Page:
With Canada’s reliance on trains for much of its history just pre-Confederacy to only a couple decades ago (and even now, to a certain extent), there are a few decommissioned tracks.
These are often excellent opportunities for tourism since they leave straight-ish, flat-ish paths ideal for bikes or people.
In this case, to build that flat, straight track, they had to cut through the Coquihalla Canyon, creating the now-famous Othello Tunnels, five holes in solid stone connected by paths and bridges over the winding Coquihalla River.
The rugged canyon, covered in West Coast forest offers a great background to these tunnels. Ferns and trees stick out all over the place, filtering sunlight and creating an inviting place for a walk (not really a hike when it’s this flat).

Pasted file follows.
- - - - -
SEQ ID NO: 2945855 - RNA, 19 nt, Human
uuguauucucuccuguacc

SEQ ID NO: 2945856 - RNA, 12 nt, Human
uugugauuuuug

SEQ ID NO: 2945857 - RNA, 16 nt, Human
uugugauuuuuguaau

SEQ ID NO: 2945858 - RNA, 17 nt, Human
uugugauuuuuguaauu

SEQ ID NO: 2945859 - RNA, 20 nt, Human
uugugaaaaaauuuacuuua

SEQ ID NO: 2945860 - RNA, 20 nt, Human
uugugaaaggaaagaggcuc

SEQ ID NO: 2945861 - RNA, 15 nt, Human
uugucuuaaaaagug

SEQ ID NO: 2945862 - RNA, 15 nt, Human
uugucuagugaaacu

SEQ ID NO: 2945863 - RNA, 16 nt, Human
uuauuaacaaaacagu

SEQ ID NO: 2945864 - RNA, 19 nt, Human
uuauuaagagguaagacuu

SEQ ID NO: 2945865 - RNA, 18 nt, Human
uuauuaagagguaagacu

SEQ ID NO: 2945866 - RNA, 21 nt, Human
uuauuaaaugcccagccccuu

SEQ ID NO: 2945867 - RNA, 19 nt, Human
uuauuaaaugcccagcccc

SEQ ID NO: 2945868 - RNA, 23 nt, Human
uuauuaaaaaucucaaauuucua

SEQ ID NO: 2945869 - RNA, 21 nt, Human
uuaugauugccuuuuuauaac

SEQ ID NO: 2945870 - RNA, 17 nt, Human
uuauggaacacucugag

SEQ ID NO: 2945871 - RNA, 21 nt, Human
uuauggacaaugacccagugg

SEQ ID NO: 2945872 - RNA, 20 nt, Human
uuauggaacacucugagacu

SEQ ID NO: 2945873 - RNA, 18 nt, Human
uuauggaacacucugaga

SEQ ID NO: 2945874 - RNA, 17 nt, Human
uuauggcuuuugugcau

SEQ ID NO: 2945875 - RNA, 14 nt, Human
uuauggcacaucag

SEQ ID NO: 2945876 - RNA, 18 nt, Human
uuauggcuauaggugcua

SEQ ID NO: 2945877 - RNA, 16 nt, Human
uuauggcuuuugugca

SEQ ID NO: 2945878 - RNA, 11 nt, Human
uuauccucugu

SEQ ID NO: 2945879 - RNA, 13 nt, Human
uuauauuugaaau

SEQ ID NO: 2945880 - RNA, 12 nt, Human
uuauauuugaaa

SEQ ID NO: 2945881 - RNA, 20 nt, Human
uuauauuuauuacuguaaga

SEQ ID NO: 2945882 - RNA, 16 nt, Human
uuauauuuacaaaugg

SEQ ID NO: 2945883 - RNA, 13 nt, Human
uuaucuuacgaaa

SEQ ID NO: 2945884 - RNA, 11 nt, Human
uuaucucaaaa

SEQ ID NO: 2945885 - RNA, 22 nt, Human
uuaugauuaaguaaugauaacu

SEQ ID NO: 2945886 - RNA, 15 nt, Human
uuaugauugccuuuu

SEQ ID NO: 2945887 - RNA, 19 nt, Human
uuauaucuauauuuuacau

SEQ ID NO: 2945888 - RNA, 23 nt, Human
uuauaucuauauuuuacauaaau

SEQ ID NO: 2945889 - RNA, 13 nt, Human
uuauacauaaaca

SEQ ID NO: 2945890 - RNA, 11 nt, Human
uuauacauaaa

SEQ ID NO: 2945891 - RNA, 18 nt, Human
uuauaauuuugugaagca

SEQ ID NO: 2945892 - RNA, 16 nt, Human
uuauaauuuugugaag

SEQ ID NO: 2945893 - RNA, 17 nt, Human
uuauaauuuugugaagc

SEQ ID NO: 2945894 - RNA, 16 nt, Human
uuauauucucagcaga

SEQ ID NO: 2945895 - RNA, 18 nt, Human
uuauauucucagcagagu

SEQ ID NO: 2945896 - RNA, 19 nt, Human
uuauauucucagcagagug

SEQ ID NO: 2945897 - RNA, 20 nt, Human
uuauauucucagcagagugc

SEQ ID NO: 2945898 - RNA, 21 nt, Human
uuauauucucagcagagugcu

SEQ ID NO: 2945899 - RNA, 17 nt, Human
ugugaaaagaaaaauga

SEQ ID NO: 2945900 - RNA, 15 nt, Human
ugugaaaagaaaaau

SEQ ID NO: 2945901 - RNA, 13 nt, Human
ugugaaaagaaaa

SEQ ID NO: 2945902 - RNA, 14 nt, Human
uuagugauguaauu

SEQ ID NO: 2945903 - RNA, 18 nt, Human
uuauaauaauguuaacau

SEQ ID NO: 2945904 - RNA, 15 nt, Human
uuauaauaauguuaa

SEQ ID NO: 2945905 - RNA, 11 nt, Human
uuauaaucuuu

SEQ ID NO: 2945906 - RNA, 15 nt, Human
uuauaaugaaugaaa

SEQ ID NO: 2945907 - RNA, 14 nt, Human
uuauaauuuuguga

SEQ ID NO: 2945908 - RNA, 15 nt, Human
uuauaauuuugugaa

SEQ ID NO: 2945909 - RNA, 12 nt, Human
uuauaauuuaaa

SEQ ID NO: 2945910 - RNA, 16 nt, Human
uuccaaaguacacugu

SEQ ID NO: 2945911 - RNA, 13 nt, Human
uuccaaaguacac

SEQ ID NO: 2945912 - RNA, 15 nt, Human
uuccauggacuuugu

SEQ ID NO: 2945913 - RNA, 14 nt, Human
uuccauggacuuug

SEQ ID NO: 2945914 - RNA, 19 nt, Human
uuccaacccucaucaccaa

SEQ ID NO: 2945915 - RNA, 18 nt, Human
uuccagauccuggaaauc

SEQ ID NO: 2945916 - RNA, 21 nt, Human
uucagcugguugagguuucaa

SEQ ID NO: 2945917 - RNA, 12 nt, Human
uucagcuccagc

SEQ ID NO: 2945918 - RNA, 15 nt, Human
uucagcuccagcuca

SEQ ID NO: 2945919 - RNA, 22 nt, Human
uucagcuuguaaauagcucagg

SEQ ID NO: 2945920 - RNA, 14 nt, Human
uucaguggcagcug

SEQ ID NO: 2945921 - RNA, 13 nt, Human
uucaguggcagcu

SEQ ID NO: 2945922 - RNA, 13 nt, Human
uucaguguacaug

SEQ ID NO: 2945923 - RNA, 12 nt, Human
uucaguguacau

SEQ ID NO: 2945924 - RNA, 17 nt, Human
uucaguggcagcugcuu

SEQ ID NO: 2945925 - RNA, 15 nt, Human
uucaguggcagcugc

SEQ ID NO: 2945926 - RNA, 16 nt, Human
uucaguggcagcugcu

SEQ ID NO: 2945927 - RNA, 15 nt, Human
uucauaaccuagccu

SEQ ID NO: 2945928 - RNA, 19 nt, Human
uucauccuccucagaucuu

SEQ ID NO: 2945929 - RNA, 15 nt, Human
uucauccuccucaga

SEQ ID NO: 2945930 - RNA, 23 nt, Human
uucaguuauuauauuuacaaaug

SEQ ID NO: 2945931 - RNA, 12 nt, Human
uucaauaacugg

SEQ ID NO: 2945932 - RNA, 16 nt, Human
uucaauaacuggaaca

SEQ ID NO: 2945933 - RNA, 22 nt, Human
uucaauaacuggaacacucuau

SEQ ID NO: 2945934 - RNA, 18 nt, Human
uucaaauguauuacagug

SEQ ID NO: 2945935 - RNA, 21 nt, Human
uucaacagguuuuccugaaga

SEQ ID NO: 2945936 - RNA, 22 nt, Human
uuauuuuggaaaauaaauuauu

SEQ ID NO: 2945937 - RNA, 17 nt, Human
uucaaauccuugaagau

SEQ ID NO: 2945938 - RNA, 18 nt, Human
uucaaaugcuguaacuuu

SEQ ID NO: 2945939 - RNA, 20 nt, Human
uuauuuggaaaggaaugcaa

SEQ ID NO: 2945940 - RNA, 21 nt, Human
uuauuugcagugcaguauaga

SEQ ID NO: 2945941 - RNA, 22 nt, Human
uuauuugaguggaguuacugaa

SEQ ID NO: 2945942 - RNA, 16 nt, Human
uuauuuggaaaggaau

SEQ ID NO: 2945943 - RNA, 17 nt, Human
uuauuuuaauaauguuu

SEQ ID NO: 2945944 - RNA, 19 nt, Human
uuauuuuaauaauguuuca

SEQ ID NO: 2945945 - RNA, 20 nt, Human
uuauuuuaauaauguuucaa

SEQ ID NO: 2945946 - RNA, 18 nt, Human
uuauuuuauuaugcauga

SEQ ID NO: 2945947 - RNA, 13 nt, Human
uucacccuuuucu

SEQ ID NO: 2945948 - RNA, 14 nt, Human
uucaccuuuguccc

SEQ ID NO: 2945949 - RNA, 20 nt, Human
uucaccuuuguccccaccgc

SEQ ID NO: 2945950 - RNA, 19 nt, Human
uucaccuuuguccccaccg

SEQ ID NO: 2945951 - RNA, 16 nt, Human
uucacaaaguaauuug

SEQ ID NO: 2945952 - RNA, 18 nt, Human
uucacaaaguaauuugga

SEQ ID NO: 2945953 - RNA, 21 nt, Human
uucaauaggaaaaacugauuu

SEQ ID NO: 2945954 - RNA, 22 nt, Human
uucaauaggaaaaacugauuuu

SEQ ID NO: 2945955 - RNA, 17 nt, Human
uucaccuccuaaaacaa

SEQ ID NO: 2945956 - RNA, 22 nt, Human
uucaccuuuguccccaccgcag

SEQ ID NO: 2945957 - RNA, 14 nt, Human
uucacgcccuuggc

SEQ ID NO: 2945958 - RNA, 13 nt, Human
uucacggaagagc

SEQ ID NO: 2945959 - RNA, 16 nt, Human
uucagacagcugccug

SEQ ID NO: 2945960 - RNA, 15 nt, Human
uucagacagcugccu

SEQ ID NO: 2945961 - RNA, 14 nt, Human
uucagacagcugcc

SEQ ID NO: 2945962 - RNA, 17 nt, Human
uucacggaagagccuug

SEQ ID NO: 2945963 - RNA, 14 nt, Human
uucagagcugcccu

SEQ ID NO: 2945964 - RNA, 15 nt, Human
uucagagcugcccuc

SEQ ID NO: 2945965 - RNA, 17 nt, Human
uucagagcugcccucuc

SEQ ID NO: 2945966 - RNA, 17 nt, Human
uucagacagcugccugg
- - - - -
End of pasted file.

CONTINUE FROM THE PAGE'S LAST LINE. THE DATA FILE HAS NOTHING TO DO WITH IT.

Located just east of Hope, this is an easy stop if you’re travelling into the interior of B.C. from the Lower Mainland, is a popular day trip for some from the Vancouver area. It is something you’ll need a vehicle for, though. On the upside, it’s free to check out (when it’s open, weather can close it in the winter).
TripAdvisor put this on top for things to do in Hope. It’s also recognized as a historic site by the province of B.C. and as an oddity by Atlas Obscura. And there’s an official site, so lots of links to check out if you’re interested in more info. There’s alsp a good article from B.C. Magazine, here.
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There aren’t many places in the world you can hike through old train tunnels! The Othello Tunnels are worth a day trip out to Hope to explore the Kettle Valley Trail. It's a great place to stop and break up a longer road trip if you're heading to the interior this summer. #VancouverTrails 📷: @hikingtheokanagan 📍: @EmbraceHopeBC . #ExploreBC #FallHiking #OthelloTunnels #EmbraceHopeBC #HikeBC #OptOutside #ExploreFurther